Another know issue with ZFS is that it loves memory. Keep in mind that it was designed to run on those large industrial servers with memory of 16GB and higher. The rule of thumb is to install 1GB per 1TB of raw storage, and at least have a minimum of 1GB, but you may soon be increasing that to 4GB to obtain stable operation when continuously copying large amount of data over extended periods of time.

The reason for these “issues” is that ZFS was designed for high-end servers, and so these “issues” can not really be considered issues at all.

Note that for ECC to work it needs to be supported by the CPU, the motherboard, BIOS and OS.


If you have multiple controllers, it is strongly preferable to use disks on different controllers to form a redundant set. It is also helpful to have drives of different manufacturing dates to avoid failure at the same instant. There may be additional hardware considerations, especially if your are trying to use older hardware.

For our basic system we use a single SATA controller and a up to four built-in hard drives, supplemented by two additional SATA drives, and optionally multiple USB drives. The use of USB drives is not recommended, but we could use them for additional redundancy/backup.


The documentation of FreeBSD is excellent in the form of the FreeBSD Handbook. Therefore we will not detail how to install it here. If you like you can install the OS on ZFS automatically.

Installing Chapter 2
Updating and Upgrading Chapter 23
Keeping the system OS up to date is important to maintain security. To upgrade release:

[ ] Make backup of the OS
[ ] Enter (or similar, where 11.0 is the release number)
$ sudo freebsd-update -r 11.0-RELEASE upgrade
$ sudo reboot
$ sudo freebsd-update fetch
$ sudo freebsd-update install

After updating the OS, update the applications installed on the OS also, using the following steps:

$ sudo pkg update
$ sudo pkg upgrade

To stay up to date, subscribe to the FreeBSD-Current mailing list.

Understanding ZFS

To make sense of ZFS documentation it really helps to have a high-level overview, even if you are familiar with other filing systems; there are no configuration files you need to edit, mounting is automatically handled by ZFS (but can be forced if needed,) NFS is built-in, and so on. ZFS is different, but in the end much simpler to use.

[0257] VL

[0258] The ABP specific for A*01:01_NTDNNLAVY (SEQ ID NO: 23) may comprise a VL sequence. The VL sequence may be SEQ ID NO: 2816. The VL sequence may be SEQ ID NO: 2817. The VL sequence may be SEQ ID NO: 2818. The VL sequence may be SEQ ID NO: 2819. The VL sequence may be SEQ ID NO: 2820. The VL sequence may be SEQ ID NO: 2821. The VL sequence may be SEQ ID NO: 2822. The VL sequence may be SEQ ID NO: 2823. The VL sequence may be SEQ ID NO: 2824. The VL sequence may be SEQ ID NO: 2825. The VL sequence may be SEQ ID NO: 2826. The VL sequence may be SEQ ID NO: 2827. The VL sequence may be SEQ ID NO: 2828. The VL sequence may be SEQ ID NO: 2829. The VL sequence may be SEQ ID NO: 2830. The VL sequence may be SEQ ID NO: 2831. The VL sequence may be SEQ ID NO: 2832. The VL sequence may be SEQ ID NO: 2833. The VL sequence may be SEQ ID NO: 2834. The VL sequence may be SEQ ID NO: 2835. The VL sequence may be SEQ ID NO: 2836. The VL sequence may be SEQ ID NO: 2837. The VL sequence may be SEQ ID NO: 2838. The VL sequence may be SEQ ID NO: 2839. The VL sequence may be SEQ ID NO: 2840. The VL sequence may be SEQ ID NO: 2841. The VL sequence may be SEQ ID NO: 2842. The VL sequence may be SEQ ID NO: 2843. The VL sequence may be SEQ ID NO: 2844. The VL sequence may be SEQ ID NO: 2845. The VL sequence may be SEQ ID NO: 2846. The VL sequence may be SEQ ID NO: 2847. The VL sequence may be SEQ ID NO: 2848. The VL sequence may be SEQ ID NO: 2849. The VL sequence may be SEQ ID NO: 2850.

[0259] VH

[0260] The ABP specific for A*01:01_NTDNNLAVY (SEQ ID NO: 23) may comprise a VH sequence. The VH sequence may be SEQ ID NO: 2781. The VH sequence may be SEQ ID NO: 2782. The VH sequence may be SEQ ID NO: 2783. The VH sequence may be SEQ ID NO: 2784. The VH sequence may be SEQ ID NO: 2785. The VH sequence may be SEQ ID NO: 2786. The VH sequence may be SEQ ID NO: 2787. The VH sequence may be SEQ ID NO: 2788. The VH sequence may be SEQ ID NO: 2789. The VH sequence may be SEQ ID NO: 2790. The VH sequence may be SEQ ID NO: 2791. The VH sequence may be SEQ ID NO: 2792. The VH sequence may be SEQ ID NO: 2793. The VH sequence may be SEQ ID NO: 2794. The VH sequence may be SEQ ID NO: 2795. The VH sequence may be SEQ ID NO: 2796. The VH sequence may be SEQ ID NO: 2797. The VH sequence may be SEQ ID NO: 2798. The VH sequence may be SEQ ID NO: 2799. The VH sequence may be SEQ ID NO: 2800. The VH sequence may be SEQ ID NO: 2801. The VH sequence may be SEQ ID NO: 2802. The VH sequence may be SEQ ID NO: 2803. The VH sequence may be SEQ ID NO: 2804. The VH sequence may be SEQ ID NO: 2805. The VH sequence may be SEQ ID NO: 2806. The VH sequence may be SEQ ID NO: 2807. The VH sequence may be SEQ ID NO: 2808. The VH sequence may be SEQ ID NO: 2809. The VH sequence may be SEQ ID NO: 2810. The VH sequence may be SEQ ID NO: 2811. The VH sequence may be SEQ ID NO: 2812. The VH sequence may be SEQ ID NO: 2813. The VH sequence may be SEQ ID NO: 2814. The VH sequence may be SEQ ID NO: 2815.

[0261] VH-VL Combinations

The storage system consists of three levels of abstraction; the lowest is the Storage Pool Allocator (SPA) organizing physical discs into storage pools, the middle is Data Management Unit (DMU) transactionally reading and writing in atomic manner, and the highest is the Dataset Layer (DL) translating operations on the filesystem and block devices (zvols) provided by the pool into operations on the DMU.

In practice each host system will have one or more pools bound to it, and pools will contain one or more datasets (or filing systems). Pools are managed using the zpool command, datasets are managed using the zfs command.


Disks are organized into the basic unit of storage, a pool, by the SPA as a tree of virtual devices (vdevs). Each vdev can consist of one or more other vdevs. The types of vdevs are:

  • mirror, n-way mirror, consisting of vdevs
  • raidz or raidz1 1-disk parity, RAID 5 like, consisting of vdevs
  • raidz2 2-disk parity, RAID 6 like, consisting of vdevs
  • raidz3 3-disk parity, consisting of vdevs
  • disk hardware disk drive, preferably whole drives rather than slices
  • file (not recommended)
  • spare special vdev, for use as stand-by of e.g. a failed disk
  • cache special vdev, for extending non-persistent in-memory data cache, and typically a flash disk